Persistent Memory

the worms crawl in, the worms crawl out...

the worms play pinochle on your snout

The four of us descend into the tunnels below…the walls are red, packed clay, interspersed with large stones.

It smells terrible in here, like mildewed cloth, wet and dank. Five tunnels radiate from where we stand. We choose one and start exploring.

We come across a skeleton, bones tumbled on the floor. Unsurprisingly, it is wet and mildewy, but we see a shine of something else…a closer inspection reveals that the bones were most likely those of an adult male, and that the person died in a similar manner to Stuart Cabot Jenkins…there are the same cracked ribs, the same tell-tale fissures in bone. The shine turns out to have been from some coins, which Marion identifies as being from the 1860s.

The tunnel starts to show signs of being man-made rather than natural, the walls being too smooth and regular. We theorize this may be one of the “copper mines” Marion had read about in her research of the area.

To our left, we see another shaft; this one is almost vertical…little white grubs drop down one by one into a small pile. Some of them go off towards tunnel entrances and others mill around. We all look closer…we see the tunnel from which they drop is also quite regular in shape…more like a pipe than a tunnel, really.

Further along, we find more shafts and yet more grubs. We hear a loud, scraping, hollow sound, and have no idea from what direction it’s coming.

We then hear another loud noise, as of a beast bellowing in pain or rage.

Marion and Clara see a portion of an immense, segmented, greenish organism as it moves along one shaft that intersects the one in which we stand and enters a shaft on the other side. Marion drops her flashlight and starts gesticulating wildly with the sickles. Clara manages to calm her, but she remains far from lucid.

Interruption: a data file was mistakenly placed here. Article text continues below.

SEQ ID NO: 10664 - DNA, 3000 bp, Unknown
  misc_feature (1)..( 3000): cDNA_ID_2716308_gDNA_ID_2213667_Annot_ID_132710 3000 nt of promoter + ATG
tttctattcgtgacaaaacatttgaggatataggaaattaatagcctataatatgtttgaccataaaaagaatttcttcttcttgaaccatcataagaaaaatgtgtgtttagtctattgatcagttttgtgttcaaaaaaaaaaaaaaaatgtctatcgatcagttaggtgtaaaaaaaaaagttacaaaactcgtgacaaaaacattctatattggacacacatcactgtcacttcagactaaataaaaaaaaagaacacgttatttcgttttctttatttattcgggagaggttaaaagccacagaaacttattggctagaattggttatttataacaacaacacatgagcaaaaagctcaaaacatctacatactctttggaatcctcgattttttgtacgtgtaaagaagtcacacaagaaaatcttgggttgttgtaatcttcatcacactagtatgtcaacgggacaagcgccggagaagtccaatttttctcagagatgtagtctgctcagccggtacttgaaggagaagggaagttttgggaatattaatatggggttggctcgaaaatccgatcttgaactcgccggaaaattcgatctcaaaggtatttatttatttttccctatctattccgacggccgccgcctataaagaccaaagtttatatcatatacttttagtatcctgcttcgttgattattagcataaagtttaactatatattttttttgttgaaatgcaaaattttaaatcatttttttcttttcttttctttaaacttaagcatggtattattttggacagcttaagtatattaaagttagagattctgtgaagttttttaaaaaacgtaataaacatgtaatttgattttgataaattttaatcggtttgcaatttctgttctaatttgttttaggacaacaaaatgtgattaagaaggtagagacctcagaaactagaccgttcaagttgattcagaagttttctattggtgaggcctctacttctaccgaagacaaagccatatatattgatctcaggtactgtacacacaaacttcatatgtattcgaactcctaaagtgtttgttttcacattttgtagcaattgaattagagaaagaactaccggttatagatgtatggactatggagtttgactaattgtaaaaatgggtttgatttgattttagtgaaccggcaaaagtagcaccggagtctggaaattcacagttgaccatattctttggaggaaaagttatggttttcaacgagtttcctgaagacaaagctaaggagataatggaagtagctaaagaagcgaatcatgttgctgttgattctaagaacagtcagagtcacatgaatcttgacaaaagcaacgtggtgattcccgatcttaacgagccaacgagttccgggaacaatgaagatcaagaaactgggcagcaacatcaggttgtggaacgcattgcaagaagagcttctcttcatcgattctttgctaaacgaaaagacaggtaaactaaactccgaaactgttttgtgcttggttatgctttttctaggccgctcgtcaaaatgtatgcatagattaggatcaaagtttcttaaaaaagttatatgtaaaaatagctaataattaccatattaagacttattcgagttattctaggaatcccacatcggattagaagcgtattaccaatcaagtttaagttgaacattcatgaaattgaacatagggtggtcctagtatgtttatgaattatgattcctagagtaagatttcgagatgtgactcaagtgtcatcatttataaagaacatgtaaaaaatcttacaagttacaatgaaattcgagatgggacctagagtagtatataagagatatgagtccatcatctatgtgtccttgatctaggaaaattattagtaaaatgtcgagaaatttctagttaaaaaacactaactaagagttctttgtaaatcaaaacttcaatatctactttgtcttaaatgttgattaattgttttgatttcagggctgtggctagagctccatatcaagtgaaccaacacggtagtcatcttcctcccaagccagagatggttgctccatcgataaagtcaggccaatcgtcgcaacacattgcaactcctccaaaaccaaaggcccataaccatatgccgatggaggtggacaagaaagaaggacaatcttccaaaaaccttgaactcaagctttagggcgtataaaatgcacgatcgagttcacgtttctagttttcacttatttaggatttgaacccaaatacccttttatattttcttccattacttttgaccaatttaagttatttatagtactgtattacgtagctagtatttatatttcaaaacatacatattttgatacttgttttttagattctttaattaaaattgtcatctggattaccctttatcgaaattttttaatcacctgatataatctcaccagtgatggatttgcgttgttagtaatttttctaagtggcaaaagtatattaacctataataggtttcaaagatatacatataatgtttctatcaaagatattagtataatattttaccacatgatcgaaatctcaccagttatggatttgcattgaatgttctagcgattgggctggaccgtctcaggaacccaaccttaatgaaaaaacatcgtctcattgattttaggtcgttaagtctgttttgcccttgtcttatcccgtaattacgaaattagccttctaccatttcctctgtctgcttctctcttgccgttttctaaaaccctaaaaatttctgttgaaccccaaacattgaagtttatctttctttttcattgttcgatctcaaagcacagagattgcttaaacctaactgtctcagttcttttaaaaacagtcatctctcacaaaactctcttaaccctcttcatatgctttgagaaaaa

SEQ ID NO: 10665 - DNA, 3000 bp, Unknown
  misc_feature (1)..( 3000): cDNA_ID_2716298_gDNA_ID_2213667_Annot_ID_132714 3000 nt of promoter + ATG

She pushes ahead of Troy and Douglas, so we follow her. We end up in a roughly ovoid cavern…this has also been artificially shaped, and a tracery of copper runs along the surface, too regular and even to be natural, just like everything else in this very unnatural place.

A large statue in a blocky, angular, style is in the chamber. This type of sculpture is not fitting for this area, being more readily identifiable as Mezzo-American in character. It appears to be bound, spread-eagle against a doorway. Its shackles are copper.

Marion performs a spell to open the gateway. It’s very similar to the ritual that had been performed by the other Marion at the dolmen near Skookum Lake. The portal opens and we walk forward. Marion and Clara are unscathed, but Troy and Douglas don’t fare so well; their tenuous grasp on reality becomes that much more fragile.

At one point, we come out on a mountain overlooking a placid lake. It’s springtime, and the sun is setting. There’s a dolmen here, too. A girl in her mid-teens, and a boy of about 12 stand together…the boy reaches over to take the girl’s hand, but she twitches it aside, laughing. As the sun drops below the horizon, the boy’s face takes on a predatory look, belying the innocent sweetness that had been on the surface just moments earlier. He looks right at us. It’s Edmund Cage.

Then we’re through the gate.


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